Tag Archives: John Ohanian

Happy 90th, George Weigle!

In his long and storied career as a Staples High School choral teacher, George Weigle influenced thousands of students. 

Barbara Sherburne was one. Today — as her beloved former teacher turns 90 years old — she offers this tribute.

George grew up in Parkersburg, West Virginia. At West Virginia Wesleyan College he spotted a woman from Norwalk, Connecticut named Eleanor, singing in a talent show. He told a friend, “That’s the girl I’m going to marry.” It was love at first sight.

George graduated in 1950, 2 years before Eleanor. They married on August 21, 1954. After 63 years, their marriage is still going strong.

George studied for a year at Boston University after college. He taught school in West Virginia, then returned and earned his master’s in 1954 from BU. In 1980, West Virginia Wesleyan presented him with an honorary doctorate.

In 1954, George heard about an opening at Bedford Junior High. He got the job, and after 5 years moved on to Staples High School. He taught there until 1988. Eleanor taught at Bedford Elementary School from 1954 until 1961. Some years later, she began private tutoring.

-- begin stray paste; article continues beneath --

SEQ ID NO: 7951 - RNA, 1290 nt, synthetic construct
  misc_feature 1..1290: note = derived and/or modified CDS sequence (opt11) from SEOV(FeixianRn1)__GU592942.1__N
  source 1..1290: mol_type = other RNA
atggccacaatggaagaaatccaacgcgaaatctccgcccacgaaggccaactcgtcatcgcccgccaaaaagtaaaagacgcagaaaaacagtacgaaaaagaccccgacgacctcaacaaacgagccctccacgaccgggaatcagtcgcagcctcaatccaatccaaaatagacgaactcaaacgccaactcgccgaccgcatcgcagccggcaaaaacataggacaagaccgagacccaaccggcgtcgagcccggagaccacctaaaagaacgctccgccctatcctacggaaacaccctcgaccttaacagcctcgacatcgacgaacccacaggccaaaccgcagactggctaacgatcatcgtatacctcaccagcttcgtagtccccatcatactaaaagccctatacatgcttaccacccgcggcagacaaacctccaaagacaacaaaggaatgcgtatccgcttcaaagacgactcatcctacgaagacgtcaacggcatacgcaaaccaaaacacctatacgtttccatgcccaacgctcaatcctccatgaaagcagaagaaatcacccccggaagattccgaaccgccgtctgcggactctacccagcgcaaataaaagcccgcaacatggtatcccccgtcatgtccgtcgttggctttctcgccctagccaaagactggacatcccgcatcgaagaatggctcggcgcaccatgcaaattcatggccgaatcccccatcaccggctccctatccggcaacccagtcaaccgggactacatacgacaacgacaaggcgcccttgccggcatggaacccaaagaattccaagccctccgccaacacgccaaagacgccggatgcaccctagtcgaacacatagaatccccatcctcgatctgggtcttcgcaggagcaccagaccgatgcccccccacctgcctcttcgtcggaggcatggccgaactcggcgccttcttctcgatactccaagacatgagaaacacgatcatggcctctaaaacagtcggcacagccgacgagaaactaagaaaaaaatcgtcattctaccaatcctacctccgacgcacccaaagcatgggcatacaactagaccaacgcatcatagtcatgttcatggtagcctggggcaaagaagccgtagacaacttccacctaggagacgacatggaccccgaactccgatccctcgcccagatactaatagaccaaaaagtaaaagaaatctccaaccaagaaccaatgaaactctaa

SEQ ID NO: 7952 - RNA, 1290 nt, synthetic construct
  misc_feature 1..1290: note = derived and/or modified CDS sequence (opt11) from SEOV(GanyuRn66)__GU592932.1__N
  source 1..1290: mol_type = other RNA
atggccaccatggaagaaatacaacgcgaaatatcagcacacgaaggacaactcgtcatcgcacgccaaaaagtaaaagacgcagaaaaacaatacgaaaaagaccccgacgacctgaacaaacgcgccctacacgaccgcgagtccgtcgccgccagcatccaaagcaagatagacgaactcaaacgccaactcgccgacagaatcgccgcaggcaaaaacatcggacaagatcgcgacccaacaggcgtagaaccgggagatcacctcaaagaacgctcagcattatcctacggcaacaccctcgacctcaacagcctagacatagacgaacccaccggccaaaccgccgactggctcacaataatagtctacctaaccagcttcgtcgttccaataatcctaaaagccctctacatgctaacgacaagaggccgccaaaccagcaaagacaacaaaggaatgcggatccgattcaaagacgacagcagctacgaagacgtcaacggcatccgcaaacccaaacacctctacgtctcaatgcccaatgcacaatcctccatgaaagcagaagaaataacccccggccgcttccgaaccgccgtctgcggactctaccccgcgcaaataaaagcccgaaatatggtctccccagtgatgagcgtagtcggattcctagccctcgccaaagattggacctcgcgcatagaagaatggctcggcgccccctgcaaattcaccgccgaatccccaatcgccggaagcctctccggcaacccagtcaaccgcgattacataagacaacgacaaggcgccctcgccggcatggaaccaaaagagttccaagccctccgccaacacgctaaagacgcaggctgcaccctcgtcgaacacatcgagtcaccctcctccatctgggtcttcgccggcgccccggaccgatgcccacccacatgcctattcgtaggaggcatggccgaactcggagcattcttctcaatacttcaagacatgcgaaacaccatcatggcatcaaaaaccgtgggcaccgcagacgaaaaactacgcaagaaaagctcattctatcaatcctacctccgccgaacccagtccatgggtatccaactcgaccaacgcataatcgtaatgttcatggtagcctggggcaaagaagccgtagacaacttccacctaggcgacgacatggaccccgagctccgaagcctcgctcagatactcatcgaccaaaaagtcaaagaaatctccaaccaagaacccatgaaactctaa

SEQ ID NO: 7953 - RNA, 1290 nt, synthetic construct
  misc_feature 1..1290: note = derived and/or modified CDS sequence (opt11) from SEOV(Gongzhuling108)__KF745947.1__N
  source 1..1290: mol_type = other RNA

George Weigle in a classic pose. (Photo courtesy of Ken Lahn)

George started the Orphenians in 1960. He named the group after his Orphenian quartet, led by his college music professor. Of course, Orpheus was a legendary Greek musician.

George continued the Candlelight Concert tradition, begun in 1940 by John Ohanian.

George and Eleanor bought a house on Robin Hill Road. They’ve lived there ever since. George told a fellow Westport music teacher — John Hanulik — about a vacant plot next door. The Hanuliks moved there in 1960, and John lived there until he died. Marie, his wife, still lives there. Having 2 incredible music teachers live next door to each other for so long is amazing.

I was a student at Long Lots Junior High, in a music class taught by Mr. Hanulik. One day, Mr. Weigle came to speak to us about Staples. He seemed very stern, and scared me. Mr. Hanulik had an incredible sense of humor. I thought, “Uh oh.” I needn’t have worried.

George Weigle took the Orphenians around the world — to Austria, Romania, Poland, Spain and many other countries. His first trip was to the Virgin Islands (above) in 1966. (Photo courtesy of Jon Gailmor)

When I was applying to colleges, Mr. Weigle suggested West Virginia Wesleyan. That’s where I went. He wrote me freshman year, “Don’t burn the candle at both ends.” I wound up getting mononucleosis. I guess he saw something coming that I didn’t.